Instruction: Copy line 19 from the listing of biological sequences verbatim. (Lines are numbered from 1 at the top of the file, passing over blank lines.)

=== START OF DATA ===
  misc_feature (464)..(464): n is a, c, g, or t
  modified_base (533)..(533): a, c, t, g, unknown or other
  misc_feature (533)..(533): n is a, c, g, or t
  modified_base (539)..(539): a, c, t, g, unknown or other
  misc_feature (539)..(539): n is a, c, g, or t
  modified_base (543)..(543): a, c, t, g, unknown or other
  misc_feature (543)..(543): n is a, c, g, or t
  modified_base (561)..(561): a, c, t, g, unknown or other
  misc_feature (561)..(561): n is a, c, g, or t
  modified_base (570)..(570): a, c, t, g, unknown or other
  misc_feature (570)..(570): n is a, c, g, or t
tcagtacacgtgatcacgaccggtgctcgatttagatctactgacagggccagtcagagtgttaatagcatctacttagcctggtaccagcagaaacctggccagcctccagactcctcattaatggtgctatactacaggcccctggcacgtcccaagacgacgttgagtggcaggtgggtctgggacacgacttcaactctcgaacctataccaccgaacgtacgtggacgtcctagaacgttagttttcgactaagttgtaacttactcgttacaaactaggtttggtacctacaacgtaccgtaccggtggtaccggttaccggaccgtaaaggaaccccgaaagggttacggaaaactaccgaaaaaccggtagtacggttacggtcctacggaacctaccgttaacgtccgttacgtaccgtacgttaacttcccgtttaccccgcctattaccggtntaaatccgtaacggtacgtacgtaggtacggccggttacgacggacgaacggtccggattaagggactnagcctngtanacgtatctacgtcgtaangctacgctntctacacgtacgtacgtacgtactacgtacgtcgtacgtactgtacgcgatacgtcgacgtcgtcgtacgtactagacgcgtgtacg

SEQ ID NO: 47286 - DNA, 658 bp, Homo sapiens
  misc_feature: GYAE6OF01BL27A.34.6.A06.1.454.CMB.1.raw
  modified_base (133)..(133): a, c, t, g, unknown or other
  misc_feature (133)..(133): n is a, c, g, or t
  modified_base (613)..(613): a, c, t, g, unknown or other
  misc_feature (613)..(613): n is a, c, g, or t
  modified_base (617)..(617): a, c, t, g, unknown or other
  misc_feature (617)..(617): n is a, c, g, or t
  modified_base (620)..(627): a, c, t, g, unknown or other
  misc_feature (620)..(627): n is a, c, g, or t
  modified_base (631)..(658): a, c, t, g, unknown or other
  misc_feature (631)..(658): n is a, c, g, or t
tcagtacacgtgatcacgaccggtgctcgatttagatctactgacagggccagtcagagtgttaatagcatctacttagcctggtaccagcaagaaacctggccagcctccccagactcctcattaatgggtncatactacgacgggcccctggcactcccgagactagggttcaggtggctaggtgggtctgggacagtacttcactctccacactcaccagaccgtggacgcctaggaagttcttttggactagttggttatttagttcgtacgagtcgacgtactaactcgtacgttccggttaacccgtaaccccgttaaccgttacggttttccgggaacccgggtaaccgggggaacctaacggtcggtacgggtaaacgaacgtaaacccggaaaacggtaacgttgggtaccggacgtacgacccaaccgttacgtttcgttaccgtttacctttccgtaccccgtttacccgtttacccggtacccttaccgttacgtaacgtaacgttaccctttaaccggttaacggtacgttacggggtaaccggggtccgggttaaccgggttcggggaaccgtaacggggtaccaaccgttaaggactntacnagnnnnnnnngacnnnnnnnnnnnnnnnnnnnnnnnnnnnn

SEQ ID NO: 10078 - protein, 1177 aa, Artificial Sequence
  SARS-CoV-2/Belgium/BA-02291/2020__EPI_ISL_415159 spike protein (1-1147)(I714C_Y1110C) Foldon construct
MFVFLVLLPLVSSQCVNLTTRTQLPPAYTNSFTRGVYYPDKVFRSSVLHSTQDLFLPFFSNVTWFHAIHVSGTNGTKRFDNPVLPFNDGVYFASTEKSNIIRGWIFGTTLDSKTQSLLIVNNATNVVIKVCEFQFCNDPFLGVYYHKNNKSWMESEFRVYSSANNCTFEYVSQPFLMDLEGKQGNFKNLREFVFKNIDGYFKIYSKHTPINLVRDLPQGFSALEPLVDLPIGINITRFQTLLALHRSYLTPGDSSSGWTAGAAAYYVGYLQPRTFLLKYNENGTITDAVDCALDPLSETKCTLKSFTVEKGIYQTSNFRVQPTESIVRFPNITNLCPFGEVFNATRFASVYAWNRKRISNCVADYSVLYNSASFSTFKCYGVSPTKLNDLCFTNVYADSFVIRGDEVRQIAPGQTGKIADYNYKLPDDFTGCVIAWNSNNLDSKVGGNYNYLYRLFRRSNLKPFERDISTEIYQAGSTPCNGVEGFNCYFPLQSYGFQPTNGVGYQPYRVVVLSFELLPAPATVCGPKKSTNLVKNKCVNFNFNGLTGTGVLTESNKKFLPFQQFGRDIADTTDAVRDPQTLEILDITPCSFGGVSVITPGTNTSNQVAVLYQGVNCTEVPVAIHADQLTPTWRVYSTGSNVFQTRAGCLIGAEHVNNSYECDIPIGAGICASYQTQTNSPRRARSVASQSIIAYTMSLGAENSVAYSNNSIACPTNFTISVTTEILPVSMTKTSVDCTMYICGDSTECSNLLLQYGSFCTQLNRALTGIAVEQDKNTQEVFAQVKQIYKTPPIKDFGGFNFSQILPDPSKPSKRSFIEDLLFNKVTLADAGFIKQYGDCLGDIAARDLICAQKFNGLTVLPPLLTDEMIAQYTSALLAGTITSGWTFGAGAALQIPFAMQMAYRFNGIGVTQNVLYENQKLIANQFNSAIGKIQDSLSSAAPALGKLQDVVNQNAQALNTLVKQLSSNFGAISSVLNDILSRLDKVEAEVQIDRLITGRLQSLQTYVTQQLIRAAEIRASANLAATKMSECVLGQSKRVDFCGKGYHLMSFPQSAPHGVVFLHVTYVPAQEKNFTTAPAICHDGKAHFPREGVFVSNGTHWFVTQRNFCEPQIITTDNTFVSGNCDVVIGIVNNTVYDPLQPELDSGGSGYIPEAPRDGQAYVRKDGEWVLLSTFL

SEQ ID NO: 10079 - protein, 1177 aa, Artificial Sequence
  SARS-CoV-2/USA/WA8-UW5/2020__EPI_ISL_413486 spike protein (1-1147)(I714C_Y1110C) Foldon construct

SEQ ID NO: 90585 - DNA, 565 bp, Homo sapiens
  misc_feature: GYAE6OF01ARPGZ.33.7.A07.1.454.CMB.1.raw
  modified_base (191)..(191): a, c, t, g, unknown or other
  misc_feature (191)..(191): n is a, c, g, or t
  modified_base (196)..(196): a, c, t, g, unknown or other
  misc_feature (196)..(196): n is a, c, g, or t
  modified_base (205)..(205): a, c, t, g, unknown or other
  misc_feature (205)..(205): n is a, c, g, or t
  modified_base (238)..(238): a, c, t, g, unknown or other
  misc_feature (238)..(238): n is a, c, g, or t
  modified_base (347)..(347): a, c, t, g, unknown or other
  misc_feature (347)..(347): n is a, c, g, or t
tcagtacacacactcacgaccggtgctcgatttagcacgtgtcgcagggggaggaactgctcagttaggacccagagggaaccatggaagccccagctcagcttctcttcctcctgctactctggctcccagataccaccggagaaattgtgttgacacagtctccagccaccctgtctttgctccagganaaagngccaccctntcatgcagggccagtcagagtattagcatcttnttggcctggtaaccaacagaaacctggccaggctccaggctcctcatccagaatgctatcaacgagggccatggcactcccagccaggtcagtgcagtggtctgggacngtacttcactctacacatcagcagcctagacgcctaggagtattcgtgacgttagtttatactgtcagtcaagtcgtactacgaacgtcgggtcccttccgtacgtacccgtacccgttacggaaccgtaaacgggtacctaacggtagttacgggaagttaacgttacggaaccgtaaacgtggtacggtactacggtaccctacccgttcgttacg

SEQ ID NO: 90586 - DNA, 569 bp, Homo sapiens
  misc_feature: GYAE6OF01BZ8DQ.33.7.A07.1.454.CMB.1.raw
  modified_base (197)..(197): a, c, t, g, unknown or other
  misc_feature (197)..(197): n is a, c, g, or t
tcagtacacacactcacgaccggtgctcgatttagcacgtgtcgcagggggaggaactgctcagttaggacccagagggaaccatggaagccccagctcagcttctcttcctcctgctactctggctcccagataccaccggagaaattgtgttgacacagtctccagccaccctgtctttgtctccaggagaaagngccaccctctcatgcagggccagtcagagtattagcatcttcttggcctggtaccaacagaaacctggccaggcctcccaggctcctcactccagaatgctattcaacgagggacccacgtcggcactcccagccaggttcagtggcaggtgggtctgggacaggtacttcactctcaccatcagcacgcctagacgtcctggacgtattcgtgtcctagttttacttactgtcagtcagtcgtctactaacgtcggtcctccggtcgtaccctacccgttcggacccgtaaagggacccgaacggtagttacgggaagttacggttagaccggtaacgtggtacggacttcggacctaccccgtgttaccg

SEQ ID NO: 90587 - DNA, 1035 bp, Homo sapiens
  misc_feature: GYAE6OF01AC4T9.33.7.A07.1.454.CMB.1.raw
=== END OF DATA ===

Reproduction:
  modified_base (617)..(617): a, c, t, g, unknown or other